A simple and appealing visual cue that my colleague Katsumi Namba used recently in our workshops in Japan is the sign commonly used for applause by people in the deaf community. The raising of hands with outstretched fingers and twisting hands back and forth in the air.

I have found that using a combination of visual and auditory cues can be helpful to group members. It is best when the group has some ownership in creating the cue they are going to use or that it is socially or culturally relevant in some way such as the step dancing in the Bridges Program.


Please weigh in and share your favorite techniques for grabbing attention and managing transitions with large groups.

  • Polly Chandler
    Posted at 07:43h, 17 March

    For someone with a soft voice, this has been a lifelong challenge.
    I find so many of these strategies are just annoying and noise making.
    I’ve seen people with bells and that sometimes works.
    I sometimes do a little tapping on the wall in a drumming pattern.
    I have also found walking around the room and letting people know they have 1 minute helps.
    I could use more ideas though. I like the hush fell over the room idea. I’m going to try it as I hate just making noise that can be louder than the noise of the group.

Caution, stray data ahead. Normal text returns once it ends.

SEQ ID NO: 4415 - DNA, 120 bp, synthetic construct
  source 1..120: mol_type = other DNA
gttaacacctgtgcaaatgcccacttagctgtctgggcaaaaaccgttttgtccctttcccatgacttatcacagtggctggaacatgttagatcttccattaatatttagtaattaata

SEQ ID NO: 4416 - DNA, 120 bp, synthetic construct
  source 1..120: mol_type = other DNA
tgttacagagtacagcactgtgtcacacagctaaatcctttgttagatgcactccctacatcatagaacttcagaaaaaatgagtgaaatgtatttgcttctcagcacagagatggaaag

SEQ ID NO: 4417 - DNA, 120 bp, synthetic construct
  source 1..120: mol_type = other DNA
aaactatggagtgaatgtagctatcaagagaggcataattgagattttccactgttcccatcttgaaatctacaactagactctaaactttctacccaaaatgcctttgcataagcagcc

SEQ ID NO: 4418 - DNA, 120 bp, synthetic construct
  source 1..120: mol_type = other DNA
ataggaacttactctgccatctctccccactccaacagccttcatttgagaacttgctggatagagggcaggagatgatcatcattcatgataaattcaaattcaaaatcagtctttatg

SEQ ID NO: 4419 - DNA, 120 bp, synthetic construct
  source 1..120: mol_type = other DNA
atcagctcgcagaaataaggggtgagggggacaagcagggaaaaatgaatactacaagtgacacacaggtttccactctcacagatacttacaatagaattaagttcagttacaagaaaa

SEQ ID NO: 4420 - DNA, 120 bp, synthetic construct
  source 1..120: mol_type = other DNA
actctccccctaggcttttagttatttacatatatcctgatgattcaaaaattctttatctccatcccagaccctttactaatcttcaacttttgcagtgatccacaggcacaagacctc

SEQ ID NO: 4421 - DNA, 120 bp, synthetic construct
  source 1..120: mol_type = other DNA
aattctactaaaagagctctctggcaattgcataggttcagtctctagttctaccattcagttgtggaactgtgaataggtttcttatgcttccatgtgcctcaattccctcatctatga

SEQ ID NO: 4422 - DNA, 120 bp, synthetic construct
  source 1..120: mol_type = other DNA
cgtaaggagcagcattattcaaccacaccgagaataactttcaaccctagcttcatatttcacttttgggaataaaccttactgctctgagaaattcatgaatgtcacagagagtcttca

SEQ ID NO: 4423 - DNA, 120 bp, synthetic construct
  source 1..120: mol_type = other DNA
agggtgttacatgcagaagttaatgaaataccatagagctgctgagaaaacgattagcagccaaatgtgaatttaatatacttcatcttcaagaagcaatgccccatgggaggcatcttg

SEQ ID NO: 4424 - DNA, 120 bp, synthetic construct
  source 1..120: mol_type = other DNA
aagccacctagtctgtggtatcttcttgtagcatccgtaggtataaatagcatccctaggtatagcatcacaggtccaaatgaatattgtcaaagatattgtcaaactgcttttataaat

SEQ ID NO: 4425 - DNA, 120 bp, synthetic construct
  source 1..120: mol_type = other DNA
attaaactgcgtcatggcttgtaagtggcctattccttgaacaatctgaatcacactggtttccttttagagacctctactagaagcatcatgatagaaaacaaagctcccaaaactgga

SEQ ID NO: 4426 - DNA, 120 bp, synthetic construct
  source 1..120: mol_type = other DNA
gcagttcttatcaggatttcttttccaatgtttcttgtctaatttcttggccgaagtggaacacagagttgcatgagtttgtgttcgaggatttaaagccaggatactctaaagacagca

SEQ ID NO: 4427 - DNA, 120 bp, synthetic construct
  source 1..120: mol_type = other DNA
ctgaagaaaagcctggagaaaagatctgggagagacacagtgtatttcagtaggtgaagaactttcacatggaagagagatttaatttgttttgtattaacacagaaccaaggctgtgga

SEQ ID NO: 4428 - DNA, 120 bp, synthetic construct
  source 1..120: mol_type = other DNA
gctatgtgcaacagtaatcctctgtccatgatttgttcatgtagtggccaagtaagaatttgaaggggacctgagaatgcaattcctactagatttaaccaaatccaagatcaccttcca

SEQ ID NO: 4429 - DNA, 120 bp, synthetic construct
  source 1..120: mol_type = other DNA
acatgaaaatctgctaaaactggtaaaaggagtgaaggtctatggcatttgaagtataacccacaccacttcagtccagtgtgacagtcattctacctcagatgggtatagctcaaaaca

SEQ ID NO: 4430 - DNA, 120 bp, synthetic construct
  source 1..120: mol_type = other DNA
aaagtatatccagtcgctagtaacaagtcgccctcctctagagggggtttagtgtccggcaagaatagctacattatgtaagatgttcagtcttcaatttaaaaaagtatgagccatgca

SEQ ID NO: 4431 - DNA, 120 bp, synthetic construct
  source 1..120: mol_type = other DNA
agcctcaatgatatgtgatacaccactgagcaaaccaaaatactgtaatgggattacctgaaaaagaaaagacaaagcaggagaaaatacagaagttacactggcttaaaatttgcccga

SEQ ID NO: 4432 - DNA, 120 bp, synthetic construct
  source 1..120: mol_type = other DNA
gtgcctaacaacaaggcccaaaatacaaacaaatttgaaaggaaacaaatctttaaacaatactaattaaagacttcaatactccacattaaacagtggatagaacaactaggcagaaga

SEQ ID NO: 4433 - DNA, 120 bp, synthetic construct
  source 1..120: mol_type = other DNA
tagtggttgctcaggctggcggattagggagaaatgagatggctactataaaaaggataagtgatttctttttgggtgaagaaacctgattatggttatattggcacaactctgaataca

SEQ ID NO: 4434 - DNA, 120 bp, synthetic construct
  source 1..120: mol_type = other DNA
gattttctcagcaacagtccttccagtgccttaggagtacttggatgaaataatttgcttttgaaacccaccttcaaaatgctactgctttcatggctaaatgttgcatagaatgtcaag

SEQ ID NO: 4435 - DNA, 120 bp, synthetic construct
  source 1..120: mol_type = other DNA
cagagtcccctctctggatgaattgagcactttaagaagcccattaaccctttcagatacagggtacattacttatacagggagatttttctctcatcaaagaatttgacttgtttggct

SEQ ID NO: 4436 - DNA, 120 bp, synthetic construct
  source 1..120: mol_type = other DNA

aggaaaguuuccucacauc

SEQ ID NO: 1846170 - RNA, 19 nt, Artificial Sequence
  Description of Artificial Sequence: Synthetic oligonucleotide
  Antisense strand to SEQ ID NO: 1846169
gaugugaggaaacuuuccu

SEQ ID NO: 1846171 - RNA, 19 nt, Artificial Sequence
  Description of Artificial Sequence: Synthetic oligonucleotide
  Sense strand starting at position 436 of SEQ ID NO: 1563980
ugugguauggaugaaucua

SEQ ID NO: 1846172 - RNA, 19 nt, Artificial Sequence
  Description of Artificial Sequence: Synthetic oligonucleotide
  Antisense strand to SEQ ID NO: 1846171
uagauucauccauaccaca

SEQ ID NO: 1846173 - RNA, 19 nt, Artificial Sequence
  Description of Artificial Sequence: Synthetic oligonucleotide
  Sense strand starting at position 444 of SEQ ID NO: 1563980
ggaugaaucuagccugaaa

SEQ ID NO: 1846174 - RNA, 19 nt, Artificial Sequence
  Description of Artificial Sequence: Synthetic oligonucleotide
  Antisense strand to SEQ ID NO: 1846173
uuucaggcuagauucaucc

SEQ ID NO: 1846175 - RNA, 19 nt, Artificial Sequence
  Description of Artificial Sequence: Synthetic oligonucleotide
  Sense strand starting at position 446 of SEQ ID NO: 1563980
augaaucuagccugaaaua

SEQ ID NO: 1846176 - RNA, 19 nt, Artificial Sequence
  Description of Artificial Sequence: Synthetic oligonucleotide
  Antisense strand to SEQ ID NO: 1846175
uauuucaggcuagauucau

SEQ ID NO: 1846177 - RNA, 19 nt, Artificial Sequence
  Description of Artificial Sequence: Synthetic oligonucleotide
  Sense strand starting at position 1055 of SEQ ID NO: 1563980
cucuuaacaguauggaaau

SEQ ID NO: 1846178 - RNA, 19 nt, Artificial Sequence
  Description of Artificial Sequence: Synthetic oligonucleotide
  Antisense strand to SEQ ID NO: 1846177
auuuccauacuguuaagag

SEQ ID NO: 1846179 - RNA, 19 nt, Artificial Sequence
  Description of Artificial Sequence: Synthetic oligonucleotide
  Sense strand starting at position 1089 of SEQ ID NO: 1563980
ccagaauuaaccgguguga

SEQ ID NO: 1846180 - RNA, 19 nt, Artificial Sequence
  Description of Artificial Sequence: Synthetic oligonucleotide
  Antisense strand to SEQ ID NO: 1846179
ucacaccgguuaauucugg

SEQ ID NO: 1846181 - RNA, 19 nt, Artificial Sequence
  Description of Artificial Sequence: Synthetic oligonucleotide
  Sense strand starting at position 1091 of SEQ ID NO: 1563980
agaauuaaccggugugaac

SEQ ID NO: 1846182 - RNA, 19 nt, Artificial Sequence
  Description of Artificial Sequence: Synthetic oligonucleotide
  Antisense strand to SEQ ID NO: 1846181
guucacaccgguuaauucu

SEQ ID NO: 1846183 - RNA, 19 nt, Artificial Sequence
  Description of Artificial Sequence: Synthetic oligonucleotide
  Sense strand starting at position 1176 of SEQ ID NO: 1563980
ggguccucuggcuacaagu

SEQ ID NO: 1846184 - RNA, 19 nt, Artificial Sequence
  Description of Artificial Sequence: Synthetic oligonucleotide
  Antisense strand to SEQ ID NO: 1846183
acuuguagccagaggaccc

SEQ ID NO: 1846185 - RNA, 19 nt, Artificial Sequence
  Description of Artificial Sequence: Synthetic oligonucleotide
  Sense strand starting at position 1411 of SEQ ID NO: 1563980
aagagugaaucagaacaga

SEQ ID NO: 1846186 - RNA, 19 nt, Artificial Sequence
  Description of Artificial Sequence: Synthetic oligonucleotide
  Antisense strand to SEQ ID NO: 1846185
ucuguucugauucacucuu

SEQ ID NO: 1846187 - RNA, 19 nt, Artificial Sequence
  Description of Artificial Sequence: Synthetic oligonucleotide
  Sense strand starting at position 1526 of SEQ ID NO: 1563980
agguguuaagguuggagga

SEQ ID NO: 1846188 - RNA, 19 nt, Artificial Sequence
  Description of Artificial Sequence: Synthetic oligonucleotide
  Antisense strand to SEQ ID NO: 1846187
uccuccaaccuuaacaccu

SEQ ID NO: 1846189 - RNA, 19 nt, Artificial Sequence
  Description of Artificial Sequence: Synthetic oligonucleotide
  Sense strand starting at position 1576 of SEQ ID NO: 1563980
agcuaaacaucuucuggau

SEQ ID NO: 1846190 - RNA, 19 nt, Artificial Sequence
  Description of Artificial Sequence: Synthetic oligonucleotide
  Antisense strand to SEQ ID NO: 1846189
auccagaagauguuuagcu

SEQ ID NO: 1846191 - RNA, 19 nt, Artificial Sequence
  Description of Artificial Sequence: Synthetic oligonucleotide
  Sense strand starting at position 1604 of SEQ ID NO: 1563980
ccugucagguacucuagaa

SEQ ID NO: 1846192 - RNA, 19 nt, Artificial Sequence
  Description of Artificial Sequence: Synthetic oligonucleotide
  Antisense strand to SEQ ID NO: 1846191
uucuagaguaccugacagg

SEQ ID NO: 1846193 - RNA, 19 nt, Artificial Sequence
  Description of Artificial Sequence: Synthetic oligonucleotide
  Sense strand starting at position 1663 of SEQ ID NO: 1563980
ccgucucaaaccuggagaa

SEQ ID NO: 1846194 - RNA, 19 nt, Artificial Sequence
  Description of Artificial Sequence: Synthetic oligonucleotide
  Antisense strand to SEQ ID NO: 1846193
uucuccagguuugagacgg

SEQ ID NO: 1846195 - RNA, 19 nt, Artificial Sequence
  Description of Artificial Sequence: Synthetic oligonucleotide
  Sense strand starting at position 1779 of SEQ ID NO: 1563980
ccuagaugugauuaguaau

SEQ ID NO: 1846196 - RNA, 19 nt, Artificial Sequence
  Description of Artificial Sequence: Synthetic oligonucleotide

• Jen
    Posted at 08:36h, 17 March

    Thanks for sharing your thoughts Polly. I too have found that circulating around the room and giving a time warning helps group transition from one task to the next. I find in order to successfully implement attention getters such as A Hush Fell Over the Crowd I have to walk around the room and engage a few group members at a time to initiate the progressive attention of the group. One of the things I liked about the humming method was its subtlety as the hum quietly took over the room.

  • Carol
    Posted at 07:16h, 19 March

    I like the “A hush fell over the crowd” and the humming and chi chi chi cha cha methods and will try them in my next training.

  • Richard
    Posted at 08:07h, 20 March

    The “hush” method works really well and I modify it as per my surroundings such as a splash fell upon the beach.

  • Jen
    Posted at 14:57h, 27 March

    Thanks Carol for joining the conversation. I hope these ideas work for you!

  • Jen
    Posted at 15:01h, 27 March

    Thanks Richard, I love the idea of adjusting this to fit your surroundings!

  • John B.
    Posted at 19:10h, 13 November

    Although my suggestion is a variation of “clap if you can hear me,” I find it works a bit better. I change up the number of claps and then add snaps as the group begins to quiet. The snaps break up the expectation and forces the group to pay closer attention. The snaps are also quieter than the claps so they begin the process of tapering down to silence.

  • MaryRose
    Posted at 15:01h, 17 September

    This is very helpful! I’m thinking of trying a version of “making rain”: rubbing hands together to make the sound of a light rain. I may try it at my next training!